University Presenting With Impact
What is university presenting with impact?
Public speaking is a daunting task for most people. And it’s especially hard for students and those in academia who are accustomed to presenting to their peers and professors in a structured setting rather than to a broader and less predictable audience. To help address this issue, Hannover Biomedical Research School in Germany offers a one-day public speaking training course for their PhD students. Led by Eric Molin from Impact Presenting, the course was designed to help students improve their public speaking skills and become more confident when presenting to a variety of audiences.
Impact Presenting has been offered at HBRS for the past 7 years.
The university split the course into three separate one-day classes, each with 3 modules and a maximum of 11 students. These smaller group sizes allowed for a more personalized learning experience, with each student receiving individualized feedback and coaching throughout the day.
The 3 key modules:
The first module of the class focused on Step 1 of the Impact Presenting method: speaking anxiety. This is a much more common issue than people think. It affects most people (71%) when giving a presentation. So Eric taught techniques for managing anxiety such as how to visualize success and yoga breathing exercises.
During the second module, Eric focused on step 2 of the Impact Presenting program: brain friendly content and call-to-action. Here, Eric covered techniques for simplifying complex information and using visual aids (like PowerPoint) correctly He also covered alternatives to PowerPoint like multimedia (ie. video and photos), using the whiteboard, and checking in with your audience for better engagement throughout the talk. Additionally, he addressed common pitfalls that students face when presenting scientific information. One of the most common is overloading the audience with too much data. Another is relying too heavily on specialized terminology and jargon. Another common was expecting the audience understands everything.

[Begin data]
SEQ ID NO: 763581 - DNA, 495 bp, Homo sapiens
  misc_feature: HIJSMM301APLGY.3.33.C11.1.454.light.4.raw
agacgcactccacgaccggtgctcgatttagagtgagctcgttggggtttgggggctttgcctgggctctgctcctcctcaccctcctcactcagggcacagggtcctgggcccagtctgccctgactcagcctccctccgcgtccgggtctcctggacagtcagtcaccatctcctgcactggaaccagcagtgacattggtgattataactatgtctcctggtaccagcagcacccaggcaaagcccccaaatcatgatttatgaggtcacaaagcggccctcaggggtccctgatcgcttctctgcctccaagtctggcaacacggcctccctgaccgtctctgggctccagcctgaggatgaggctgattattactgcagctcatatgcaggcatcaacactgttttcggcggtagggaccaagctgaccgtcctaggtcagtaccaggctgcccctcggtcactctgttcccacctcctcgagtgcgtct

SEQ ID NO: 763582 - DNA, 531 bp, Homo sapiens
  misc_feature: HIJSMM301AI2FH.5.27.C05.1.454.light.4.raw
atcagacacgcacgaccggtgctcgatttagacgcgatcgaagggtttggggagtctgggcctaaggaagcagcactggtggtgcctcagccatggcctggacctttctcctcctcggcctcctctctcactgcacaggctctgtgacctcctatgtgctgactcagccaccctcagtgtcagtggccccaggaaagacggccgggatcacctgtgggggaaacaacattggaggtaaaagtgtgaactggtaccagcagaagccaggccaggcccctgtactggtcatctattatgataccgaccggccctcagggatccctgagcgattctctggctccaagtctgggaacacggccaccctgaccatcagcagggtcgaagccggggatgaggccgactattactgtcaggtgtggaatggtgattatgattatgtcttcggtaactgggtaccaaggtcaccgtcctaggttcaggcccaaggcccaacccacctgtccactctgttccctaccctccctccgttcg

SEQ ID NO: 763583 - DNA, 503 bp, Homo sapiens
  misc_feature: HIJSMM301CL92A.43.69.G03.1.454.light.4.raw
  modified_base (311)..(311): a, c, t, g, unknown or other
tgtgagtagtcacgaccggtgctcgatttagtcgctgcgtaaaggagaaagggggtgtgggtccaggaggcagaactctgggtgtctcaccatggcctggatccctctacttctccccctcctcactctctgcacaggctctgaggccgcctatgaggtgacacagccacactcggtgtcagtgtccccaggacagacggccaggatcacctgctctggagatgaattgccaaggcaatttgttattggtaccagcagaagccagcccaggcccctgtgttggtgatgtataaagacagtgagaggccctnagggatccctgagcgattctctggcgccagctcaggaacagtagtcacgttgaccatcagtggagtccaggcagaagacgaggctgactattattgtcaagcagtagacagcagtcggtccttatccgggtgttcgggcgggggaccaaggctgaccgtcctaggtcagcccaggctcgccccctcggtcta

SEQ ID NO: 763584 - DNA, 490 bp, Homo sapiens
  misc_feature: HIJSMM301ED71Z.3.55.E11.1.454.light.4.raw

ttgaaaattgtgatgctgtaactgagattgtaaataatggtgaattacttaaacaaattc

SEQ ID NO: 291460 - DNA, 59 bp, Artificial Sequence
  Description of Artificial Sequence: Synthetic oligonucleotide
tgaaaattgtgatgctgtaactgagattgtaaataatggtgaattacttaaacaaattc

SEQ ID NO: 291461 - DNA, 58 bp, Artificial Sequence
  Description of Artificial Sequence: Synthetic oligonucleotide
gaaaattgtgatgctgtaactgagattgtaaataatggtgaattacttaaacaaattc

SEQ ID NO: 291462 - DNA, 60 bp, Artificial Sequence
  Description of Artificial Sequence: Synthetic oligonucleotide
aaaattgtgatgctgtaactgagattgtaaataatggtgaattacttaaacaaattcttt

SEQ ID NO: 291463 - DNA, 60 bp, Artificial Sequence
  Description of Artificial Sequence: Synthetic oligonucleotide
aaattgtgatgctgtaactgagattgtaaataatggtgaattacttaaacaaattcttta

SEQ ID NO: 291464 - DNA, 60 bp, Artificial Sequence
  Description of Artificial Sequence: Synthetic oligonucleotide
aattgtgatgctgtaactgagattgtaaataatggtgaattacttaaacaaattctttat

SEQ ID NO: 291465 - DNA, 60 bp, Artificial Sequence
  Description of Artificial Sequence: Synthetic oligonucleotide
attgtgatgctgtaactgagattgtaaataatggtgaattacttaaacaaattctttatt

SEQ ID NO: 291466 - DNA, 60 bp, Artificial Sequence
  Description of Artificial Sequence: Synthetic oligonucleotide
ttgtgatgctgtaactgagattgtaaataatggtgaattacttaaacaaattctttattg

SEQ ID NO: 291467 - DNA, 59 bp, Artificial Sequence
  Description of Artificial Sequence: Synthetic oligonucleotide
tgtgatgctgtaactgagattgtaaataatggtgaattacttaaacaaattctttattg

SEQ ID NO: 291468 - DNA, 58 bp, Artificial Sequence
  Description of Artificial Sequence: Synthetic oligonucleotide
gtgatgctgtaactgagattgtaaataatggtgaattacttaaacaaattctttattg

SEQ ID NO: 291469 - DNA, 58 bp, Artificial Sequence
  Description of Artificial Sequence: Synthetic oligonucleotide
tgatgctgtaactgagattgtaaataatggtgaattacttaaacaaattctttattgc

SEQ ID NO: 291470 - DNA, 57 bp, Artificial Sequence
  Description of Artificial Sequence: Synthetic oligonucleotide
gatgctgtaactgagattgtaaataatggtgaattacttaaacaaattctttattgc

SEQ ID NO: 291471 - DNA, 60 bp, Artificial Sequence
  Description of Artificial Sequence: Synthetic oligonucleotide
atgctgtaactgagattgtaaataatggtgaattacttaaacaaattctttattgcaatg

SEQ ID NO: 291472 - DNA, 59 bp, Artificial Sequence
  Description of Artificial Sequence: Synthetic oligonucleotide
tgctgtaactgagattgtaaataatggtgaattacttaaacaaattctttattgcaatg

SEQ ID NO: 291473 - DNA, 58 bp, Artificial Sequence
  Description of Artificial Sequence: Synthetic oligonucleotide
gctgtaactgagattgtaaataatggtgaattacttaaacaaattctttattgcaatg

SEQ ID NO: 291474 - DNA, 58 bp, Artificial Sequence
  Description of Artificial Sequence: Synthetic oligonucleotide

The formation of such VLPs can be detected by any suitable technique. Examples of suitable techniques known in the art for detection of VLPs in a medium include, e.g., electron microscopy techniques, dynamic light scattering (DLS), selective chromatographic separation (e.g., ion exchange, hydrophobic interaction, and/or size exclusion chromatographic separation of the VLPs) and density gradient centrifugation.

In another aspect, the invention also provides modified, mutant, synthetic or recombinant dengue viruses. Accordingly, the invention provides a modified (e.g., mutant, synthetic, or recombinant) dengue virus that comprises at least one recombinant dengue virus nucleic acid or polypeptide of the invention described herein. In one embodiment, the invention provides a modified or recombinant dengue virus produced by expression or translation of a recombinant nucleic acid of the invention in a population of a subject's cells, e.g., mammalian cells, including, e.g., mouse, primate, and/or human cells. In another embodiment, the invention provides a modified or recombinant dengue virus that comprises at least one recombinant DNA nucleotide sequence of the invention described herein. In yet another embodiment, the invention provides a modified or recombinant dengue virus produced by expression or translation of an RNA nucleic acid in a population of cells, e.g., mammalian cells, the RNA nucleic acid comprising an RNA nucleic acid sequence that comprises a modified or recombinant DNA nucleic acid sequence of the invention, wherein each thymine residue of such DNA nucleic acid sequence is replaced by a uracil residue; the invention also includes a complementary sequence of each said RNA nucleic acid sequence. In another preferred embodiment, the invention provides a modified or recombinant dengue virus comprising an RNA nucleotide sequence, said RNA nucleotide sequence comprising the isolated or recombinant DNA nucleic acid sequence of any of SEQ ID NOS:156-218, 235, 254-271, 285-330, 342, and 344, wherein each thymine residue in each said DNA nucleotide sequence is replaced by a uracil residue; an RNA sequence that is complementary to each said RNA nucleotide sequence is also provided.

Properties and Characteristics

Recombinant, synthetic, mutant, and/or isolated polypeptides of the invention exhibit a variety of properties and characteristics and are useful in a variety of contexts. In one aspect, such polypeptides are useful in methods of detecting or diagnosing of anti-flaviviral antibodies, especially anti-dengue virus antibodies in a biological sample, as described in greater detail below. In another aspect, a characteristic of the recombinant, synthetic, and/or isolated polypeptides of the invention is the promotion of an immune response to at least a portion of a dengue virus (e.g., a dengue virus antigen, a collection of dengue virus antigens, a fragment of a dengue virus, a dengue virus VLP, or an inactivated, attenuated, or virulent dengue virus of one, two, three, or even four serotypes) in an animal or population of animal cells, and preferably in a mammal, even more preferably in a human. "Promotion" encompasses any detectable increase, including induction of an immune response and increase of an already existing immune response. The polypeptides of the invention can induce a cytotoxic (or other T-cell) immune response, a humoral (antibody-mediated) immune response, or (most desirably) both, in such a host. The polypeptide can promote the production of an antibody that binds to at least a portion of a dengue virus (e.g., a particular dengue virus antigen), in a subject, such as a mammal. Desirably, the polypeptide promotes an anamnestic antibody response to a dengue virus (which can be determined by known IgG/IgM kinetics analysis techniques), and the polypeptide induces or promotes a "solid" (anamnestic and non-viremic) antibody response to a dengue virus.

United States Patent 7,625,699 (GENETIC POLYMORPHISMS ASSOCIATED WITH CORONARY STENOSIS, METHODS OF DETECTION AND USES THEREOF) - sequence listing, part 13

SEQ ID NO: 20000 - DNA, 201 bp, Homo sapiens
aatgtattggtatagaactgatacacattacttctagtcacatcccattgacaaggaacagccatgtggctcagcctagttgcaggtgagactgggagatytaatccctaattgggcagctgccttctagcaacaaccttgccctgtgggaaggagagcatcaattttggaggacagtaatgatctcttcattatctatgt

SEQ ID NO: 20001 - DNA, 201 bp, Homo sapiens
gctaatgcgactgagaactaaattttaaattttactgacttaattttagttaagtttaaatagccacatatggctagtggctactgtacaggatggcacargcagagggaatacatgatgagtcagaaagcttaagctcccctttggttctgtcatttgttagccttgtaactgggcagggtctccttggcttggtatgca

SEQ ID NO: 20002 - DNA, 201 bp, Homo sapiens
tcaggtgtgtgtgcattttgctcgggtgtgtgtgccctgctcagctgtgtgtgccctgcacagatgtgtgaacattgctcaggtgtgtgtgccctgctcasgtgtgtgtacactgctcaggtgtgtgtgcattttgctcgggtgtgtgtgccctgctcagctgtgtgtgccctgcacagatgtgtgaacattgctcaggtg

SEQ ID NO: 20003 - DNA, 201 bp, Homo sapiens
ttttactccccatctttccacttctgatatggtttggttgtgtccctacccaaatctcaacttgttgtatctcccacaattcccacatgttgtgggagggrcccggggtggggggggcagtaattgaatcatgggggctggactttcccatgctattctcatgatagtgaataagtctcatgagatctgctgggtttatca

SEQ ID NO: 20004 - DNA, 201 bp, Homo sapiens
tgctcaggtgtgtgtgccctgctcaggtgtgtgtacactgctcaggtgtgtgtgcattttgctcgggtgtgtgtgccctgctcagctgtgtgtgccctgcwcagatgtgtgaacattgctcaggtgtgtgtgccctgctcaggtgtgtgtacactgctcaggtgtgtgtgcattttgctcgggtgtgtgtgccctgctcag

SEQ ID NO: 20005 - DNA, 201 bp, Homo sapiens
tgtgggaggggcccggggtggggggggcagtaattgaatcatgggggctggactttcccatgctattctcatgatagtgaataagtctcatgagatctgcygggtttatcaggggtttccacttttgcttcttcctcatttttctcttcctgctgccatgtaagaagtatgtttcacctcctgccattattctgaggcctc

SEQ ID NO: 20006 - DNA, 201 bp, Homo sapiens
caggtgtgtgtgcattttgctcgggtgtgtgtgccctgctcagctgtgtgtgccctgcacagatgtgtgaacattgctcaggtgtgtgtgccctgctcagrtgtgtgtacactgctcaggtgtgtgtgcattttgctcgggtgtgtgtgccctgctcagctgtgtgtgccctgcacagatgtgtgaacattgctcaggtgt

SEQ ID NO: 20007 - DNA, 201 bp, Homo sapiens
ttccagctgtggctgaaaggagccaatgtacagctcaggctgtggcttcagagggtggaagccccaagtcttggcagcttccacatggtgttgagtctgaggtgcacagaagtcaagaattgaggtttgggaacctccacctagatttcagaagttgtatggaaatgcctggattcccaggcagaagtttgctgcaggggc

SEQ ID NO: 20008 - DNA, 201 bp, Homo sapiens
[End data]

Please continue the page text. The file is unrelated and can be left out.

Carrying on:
In the third module Eric focused on understanding the difference between academic and business presentations. While both types of presentations require a certain level of expertise and technical knowledge, there are key differences in the way they are structured. For example, academic presentations often focus heavily on data and methodology, while business presentations focus on the impact of the research or project. Understanding these differences helped students tailor their presentations to their audience and improve their effectiveness.
Eric also taught strategies for building confidence and projecting a strong presence on stage. He also covered the impact of body language and how students can use non-verbal communication to enhance their message.
And there was more …
Throughout the day, Eric gave guidance on how to deal with impostor syndrome. If you are not familiar with the term, it means a feeling when someone doubts their own abilities and feels like a fraud, despite their achievements. This is particularly prevalent in academic environments, where high levels of expertise and competition creates a culture of self-doubt. The course provided students with strategies for recognizing and overcoming impostor syndrome. One of those is focusing on their achievements and reframing negative self-talk.
Another important topic Eric covered in the course was presenting “dry” subjects in a more interesting way. Many expert subject matter presentations can be dry and technical, which makes it hard to keep the audience’s attention. To help students overcome this, the class covered how to make technical information more accessible and engaging. Some of the methods to do that are using business storytelling, using analogies and comparisons, and relatable examples. Additionally Eric covered how to engage the audience. The 3rd step of the Impact Presenting system is “Dare to Engage”. Students learned how to do exactly that, how to pull their audiences into their talks.
In conclusion to 3 days of training
The one-day professional public speaking training course offered by Hannover Biomedical Research School in Germany was a valuable resource for students to improve their public speaking skills. The course was a success, with many students reporting back that they felt more confident and prepared for their future presentations. The smaller group sizes allowed for a more personalized and interactive learning experience, with students receiving individualized feedback and coaching throughout the day. Additionally, Eric provided everyone practical techniques and strategies that could immediately apply to their own presentations making it a valuable investment in their future careers.
If your university would like to know more, then get in touch with us for a consultation